It’s interesting they have this opt-out option, but it’s a non-standard UI. I’ve never seen a checkbox that looks like that. I think most people probably just overlook that opt-out checkbox. But let’s see. Jason at the behavioralscientist.com, so I’ll say continue.

They’re having you do this contract stuff. “So I, Jason, will make the most of tomorrow. I will always remember that I will not live forever. Every fear and irritation that threatens to distract me will become fuel for building my best life one day at a time.”

“Hint: tap and hold the fingerprint. To commit pre-committing to a goal via contracts like this has been shown to inspire action and reduce procrastination.”

There is some behavioral science research that seems to show that pre-commitment can have an impact on goal completion and behavioral follow-through, but it’s pretty weak, especially in a situation like this. Committing to somebody you care about, like a spouse or a family member that you have a deep relationship with, or close friends, your friend group, a commitment in a situation like that definitely has going to be a lot more impactful than committing to a computer or an application or this unknown digital entity.

I think that what this app is doing so far is inelegant. They’re just throwing all these behavioral science behavior change tactics at you, the user, in a way that I think is probably pretty ineffective. They’re just like, “oh, hey, okay, we should pre-commitment and commitment contracts, increase behavior change. Let’s have them before even entering the application, just, like, commit to us and to themselves,” right? Like by doing this fingerprint contract or, “hey, let’s get them to tell us what they are really motivated by and what they really care about and get them to share their improvement plan that we will create for them.”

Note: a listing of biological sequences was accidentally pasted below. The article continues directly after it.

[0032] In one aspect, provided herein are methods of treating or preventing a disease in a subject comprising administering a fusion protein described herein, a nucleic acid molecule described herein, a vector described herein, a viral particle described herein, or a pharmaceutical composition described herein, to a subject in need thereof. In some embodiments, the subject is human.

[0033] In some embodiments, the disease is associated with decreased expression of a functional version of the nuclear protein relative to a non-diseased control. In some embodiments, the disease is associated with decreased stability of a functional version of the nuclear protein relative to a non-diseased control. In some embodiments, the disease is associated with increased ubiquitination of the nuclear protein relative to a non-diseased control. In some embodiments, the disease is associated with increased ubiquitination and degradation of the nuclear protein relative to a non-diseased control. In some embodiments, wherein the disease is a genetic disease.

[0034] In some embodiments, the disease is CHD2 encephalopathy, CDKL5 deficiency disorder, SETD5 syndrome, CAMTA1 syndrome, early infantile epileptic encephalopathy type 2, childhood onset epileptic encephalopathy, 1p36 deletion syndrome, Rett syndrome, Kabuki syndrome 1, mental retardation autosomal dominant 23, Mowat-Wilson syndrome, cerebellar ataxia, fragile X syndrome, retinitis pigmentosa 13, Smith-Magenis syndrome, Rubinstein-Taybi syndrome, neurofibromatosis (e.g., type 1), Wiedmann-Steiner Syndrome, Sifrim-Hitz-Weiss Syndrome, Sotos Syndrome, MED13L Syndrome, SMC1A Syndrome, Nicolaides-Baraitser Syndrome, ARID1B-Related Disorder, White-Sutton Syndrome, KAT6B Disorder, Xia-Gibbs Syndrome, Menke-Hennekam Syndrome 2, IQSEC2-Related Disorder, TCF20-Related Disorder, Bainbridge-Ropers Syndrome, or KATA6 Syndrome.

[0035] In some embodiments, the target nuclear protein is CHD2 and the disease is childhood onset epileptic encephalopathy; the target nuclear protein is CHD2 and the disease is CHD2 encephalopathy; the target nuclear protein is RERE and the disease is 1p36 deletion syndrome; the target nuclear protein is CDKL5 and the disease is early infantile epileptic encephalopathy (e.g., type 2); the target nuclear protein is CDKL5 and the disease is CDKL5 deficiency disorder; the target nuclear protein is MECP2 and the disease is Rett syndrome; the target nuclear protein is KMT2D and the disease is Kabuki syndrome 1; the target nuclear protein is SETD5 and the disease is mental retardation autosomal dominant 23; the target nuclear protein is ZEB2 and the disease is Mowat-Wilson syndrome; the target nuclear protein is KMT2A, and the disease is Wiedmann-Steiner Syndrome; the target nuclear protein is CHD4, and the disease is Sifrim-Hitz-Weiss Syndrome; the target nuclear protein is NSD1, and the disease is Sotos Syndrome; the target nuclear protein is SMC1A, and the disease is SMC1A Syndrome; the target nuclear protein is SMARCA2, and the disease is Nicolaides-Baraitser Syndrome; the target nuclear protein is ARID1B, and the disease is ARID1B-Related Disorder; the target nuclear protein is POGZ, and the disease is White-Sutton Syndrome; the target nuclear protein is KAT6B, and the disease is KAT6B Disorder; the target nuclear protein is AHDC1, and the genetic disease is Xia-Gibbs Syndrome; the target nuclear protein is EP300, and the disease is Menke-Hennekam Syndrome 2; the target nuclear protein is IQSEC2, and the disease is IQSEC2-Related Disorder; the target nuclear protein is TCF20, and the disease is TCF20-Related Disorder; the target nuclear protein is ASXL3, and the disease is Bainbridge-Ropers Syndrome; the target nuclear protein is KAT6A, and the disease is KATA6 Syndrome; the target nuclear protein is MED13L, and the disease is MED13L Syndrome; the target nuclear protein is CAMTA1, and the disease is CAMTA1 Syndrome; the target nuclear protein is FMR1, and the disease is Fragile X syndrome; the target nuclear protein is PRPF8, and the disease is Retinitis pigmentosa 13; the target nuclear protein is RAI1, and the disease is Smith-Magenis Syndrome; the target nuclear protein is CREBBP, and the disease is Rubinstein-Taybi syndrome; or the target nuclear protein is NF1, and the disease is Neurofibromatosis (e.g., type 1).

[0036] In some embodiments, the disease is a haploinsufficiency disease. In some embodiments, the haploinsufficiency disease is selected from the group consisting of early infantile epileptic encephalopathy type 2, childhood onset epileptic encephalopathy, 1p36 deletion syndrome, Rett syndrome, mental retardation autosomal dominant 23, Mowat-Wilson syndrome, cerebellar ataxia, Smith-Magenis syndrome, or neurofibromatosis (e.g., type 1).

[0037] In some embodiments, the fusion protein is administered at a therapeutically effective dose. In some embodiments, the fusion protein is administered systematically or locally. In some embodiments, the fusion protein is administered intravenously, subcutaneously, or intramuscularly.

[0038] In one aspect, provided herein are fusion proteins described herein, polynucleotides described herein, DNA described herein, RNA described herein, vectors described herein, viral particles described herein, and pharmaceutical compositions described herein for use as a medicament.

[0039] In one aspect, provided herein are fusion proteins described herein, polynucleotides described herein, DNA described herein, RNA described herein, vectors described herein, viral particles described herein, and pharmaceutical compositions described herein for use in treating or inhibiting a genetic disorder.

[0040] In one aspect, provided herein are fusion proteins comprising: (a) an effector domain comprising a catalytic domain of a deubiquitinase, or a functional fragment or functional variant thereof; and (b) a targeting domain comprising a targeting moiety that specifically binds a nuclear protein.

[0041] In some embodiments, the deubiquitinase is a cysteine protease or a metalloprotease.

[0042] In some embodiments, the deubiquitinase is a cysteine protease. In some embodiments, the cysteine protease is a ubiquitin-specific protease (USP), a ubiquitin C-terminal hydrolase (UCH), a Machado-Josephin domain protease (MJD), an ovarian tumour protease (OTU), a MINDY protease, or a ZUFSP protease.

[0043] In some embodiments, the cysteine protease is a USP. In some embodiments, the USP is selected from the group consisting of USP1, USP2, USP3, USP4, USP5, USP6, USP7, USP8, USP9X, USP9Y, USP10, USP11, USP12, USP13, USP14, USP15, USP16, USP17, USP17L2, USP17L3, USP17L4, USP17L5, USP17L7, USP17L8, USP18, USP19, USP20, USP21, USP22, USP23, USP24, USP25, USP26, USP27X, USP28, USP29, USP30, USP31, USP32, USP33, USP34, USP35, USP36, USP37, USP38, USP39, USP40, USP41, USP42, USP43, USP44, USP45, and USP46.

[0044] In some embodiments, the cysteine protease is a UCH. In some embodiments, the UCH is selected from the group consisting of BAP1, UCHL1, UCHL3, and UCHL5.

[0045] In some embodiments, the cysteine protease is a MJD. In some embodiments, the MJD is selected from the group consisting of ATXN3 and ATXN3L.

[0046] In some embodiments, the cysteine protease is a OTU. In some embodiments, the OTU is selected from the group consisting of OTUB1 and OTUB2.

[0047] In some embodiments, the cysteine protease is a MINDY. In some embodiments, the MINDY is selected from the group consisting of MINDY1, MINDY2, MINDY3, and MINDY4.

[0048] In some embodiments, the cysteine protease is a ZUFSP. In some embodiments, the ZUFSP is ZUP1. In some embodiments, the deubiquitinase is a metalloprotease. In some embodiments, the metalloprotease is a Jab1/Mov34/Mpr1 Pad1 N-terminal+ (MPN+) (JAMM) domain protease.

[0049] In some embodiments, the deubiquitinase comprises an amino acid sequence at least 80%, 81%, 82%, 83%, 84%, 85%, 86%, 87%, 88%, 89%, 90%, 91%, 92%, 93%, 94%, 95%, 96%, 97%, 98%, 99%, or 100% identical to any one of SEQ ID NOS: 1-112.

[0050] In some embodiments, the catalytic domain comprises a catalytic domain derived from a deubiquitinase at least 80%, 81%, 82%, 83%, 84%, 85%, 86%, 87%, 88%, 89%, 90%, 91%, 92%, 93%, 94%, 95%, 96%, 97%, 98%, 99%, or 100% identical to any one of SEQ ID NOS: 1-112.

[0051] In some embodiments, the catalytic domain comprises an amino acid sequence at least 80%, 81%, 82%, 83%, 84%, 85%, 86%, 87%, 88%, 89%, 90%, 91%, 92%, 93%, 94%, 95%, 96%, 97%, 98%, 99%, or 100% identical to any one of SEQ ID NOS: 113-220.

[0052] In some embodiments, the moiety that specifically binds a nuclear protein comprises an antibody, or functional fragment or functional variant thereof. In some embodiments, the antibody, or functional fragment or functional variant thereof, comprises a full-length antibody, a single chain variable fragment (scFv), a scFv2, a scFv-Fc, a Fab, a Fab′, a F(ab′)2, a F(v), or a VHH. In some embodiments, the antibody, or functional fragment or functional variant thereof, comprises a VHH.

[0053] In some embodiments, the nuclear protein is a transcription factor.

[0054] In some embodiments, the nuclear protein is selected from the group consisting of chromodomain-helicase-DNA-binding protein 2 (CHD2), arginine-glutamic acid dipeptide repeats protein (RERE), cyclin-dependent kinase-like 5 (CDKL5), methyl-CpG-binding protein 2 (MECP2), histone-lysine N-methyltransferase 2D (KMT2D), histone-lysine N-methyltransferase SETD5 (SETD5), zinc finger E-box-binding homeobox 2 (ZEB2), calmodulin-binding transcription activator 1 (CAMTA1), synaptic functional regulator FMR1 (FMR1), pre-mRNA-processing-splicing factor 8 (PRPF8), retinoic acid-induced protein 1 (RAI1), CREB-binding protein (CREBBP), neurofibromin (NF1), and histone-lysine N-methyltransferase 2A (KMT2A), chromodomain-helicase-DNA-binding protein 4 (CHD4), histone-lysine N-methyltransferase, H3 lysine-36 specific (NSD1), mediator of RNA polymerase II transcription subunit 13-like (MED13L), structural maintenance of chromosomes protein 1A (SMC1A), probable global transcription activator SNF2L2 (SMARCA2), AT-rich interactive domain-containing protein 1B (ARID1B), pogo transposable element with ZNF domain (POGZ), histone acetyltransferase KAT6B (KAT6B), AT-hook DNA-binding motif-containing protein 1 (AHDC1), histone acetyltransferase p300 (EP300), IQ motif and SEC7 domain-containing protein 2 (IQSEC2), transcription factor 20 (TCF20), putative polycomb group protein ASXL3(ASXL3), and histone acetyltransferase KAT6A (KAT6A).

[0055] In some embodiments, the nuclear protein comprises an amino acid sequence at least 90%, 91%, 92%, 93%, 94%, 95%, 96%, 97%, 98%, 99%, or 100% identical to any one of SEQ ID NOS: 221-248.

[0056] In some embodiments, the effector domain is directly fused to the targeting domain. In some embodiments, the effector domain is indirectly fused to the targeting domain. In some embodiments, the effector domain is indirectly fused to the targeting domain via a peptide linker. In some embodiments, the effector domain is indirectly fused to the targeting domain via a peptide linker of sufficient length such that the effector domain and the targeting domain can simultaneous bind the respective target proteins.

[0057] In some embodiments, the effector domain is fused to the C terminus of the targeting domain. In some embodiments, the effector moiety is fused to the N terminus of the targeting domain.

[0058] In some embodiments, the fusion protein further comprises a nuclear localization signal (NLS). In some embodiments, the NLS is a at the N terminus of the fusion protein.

In general, I just think that these are awkward, basic attempts at behavior change using research that is just not all that effective. Okay, so now I’m doing the fingerprint contract. That’s been a nice animation.

Enjoy your first week. It’s free. Jason, do you copy? It’s me, future Jason. I’m calling from 2024 because today is an important day for you, for us, Sunday, March 5, 2023, is the day we decided to change our lives for the better. I have excellent news. I’m healthy, in great shape, and worry-free. Thanks to the choices you’re making, I’ll be with you every step of the way. Future Jason.

Okay, so it looks like I get a free week. Great. So I just signed up for this free trial. Your purchase was successful.

I do think it’s a little frustrating and weird that they make you subscribe or pre-commit to paying before entering the app. In general, the best practice for any product is to get people into the application before they pay and show them how you can help them, even giving them a valuable experience during their first few minutes inside the product or service.

I think it’s not a good idea to have a paywall before entering the main experience. My hunch is that they’re just trying to get people to sign up for trials and auto-pay billing, knowing that many will forget to cancel and continue to make payments. This approach isn’t great for operating an app or a business, but it has become more normalized in recent years.

Anyway, I just signed up for Fabulous Premium. The app is sending me a special letter, promising delightful content and features, unlimited access, and customization. There’s just too much text, making it a little muddy.